The Senate voted 58-1 in favor of the legislation, with two absences. The bill now heads to the state Assembly.
Monday, March 05, 2012
Just before midnight, Billings Police Officer Marc Snider witnessed a young woman drive the wrong way through downtown and then roll over the median in a bank parking lot. He stopped her on the wrong side of the street by the Billings Gazette. Fellow officer Brandon Ihde drove over to assist.
“I’m officer Ihde with the Billings Police," he says. "Officer Snider called me over because I’m part of the STEP team. So I do drug interdiction, DUI, traffic and things like that.”
He leads the woman to the sidewalk and conducts a field sobriety test, which Snider records with the video camera in Ihde’s car. “Okay, Ashley. Bring your hands back here. I’m going to place you under arrest for DUI. We’re going to go down to the DUI center and we’re going to do some more testing down there. Okay? It’s not going to be quite so cold down there.”
The DUI center is at the Yellowstone County Detention Facility. It has three testing rooms – one each for the Billings Police Department, Montana Highway Patrol, and the Yellowstone County Sheriff’s office. Red lines are on the floor for the sobriety test and an Intoxilyzer is in the corner for breath tests. A video camera records activities in the room.
Ihde reads the Montana implied consent advisory to Ashley, then asks: "Will you take a breath test?" He then walks her through the process. “What I need you to do is put your lips on this small section here. You need to take a long, deep breath and blow just like you’re blowing up a balloon. Okay? But don’t grab onto the hose because I don’t want you to break that off. Okay. Long deep breath. Blow really hard. Keep going. Keep going. Keep going. Keep going."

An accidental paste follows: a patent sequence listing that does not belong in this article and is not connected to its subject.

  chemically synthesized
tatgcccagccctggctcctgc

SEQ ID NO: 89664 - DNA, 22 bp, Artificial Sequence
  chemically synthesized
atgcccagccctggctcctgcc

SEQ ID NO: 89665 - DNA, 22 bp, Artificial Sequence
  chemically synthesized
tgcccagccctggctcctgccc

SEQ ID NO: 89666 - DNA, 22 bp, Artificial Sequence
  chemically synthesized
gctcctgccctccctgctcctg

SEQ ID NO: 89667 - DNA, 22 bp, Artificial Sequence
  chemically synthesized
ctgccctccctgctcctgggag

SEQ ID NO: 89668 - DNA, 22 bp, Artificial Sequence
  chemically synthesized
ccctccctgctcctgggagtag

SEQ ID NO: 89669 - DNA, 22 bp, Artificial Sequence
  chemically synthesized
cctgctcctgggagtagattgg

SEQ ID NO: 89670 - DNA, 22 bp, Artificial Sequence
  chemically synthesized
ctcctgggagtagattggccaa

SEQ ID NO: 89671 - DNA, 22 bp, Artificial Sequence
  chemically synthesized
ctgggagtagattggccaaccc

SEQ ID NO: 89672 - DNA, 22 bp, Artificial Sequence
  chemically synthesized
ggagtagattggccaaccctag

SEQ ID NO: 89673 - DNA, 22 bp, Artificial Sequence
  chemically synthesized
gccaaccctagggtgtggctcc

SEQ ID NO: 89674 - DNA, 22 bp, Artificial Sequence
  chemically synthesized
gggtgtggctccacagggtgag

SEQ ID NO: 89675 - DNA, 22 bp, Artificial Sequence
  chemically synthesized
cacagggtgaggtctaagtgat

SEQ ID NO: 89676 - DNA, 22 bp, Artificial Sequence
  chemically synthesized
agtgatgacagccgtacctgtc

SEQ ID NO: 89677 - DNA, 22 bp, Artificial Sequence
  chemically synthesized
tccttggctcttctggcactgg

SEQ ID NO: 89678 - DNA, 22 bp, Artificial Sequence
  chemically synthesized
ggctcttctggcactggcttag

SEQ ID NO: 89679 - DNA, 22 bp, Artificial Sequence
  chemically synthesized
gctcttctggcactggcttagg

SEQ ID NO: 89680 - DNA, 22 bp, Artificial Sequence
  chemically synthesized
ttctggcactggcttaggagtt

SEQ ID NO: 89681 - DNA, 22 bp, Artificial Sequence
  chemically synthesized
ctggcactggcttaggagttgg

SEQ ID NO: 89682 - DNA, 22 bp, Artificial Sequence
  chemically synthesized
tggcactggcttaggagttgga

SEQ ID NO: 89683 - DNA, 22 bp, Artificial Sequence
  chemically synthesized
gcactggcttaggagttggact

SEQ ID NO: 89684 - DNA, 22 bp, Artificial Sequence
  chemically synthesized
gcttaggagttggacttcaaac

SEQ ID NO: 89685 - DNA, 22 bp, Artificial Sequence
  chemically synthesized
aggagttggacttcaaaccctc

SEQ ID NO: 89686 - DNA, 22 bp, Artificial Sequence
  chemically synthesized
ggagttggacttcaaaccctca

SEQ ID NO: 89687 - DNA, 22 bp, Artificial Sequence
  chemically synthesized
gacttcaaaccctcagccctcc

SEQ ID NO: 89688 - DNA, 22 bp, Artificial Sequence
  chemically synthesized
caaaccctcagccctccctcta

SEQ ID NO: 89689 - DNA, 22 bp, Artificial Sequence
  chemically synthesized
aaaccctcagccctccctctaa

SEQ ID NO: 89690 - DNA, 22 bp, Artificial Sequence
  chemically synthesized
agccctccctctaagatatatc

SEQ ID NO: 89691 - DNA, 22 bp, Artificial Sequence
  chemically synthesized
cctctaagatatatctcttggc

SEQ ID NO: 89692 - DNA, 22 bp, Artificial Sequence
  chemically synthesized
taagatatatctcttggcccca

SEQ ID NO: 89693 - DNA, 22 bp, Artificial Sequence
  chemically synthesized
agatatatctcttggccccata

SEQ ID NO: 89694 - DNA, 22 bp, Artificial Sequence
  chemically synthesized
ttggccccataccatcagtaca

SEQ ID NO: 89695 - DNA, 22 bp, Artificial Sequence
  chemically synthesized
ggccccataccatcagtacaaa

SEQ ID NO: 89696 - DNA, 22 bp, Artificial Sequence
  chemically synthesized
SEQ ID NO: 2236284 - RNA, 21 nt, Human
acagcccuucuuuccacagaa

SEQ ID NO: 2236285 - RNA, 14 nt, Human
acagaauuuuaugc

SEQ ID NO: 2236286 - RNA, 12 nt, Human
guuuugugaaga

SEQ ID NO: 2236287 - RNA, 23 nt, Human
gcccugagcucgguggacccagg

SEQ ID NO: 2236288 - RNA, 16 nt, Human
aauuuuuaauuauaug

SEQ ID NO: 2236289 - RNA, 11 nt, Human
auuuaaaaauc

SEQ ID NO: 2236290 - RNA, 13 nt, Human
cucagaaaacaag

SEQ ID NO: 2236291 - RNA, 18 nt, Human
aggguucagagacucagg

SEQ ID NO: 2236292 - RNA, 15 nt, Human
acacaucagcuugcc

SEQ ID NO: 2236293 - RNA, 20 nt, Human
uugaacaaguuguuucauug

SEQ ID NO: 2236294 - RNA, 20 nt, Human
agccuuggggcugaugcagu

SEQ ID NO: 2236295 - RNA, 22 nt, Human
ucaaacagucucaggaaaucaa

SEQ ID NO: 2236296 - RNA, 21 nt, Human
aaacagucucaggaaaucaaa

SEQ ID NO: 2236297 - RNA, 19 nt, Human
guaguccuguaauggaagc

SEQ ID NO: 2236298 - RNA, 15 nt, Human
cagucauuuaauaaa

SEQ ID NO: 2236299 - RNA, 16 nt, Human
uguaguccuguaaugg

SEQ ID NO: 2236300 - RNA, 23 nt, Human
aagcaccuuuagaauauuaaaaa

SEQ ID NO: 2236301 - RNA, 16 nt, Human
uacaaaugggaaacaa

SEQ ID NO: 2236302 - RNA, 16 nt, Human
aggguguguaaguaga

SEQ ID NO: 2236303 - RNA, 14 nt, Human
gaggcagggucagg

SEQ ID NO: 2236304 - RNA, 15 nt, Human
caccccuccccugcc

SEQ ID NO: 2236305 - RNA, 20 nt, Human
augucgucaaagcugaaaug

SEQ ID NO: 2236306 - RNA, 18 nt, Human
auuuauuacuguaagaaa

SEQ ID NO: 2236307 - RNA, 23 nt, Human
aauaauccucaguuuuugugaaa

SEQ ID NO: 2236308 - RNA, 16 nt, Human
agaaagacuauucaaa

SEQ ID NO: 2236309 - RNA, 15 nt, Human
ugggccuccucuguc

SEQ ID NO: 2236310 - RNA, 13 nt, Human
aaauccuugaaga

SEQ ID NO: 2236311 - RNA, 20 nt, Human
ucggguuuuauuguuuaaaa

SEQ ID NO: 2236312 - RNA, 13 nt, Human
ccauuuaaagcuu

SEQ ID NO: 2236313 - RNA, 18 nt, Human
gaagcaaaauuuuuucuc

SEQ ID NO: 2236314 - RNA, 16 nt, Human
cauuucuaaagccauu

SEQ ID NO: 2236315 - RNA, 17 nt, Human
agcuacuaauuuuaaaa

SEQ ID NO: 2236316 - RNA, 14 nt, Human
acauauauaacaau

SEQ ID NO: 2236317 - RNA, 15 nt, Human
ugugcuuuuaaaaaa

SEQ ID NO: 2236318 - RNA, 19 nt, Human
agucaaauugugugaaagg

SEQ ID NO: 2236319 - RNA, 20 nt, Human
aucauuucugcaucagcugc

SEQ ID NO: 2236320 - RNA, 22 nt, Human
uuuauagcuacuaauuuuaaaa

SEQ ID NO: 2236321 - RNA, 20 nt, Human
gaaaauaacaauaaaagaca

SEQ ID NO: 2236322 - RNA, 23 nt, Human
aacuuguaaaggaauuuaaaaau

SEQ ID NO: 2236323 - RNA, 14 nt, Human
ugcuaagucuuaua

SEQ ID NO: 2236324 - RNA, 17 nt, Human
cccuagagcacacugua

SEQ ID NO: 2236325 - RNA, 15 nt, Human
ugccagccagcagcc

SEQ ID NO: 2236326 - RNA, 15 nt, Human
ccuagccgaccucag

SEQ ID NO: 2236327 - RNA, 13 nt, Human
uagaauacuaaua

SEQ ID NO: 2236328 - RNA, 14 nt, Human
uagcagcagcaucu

She blows a .104. Under Montana law, .08 or greater is considered to be under the influence. Ashley then refused to answer any questions or make a statement, so the interview was stopped and officers walk her to the detention facility.
In addition to a half-dozen traffic stops, this was just one of four DUI calls for Ihde that night. And he uses the same procedure for each suspect.
Prosecutors asked the 2011 Montana Legislature to close a loophole they said allowed repeat offenders to not be held accountable. The Montana attorney general’s office testified that nearly 3,000 suspected drunk drivers refused a breath test in 2010, a record. Those who refused to take breath test that year was greater than the number of people convicted of a first offense DUI. Lawmakers passed Senate Bill 42 and it was signed into law last April.
Law enforcement officials across the state are now using the telephonic search warrants for suspects with a prior refusal, past conviction, or pending offense, and Officer Ihde calls one in. “Judge Knisely. This is Officer Ihde, badge number 316, with the Billings Police Department. I am requesting your assistance with a telephonic search warrant for a DUI investigation for a second or subsequent offense. My testimony is being recorded and Officer Firebaugh, badge number 398, is my witness. Will you swear me in please?"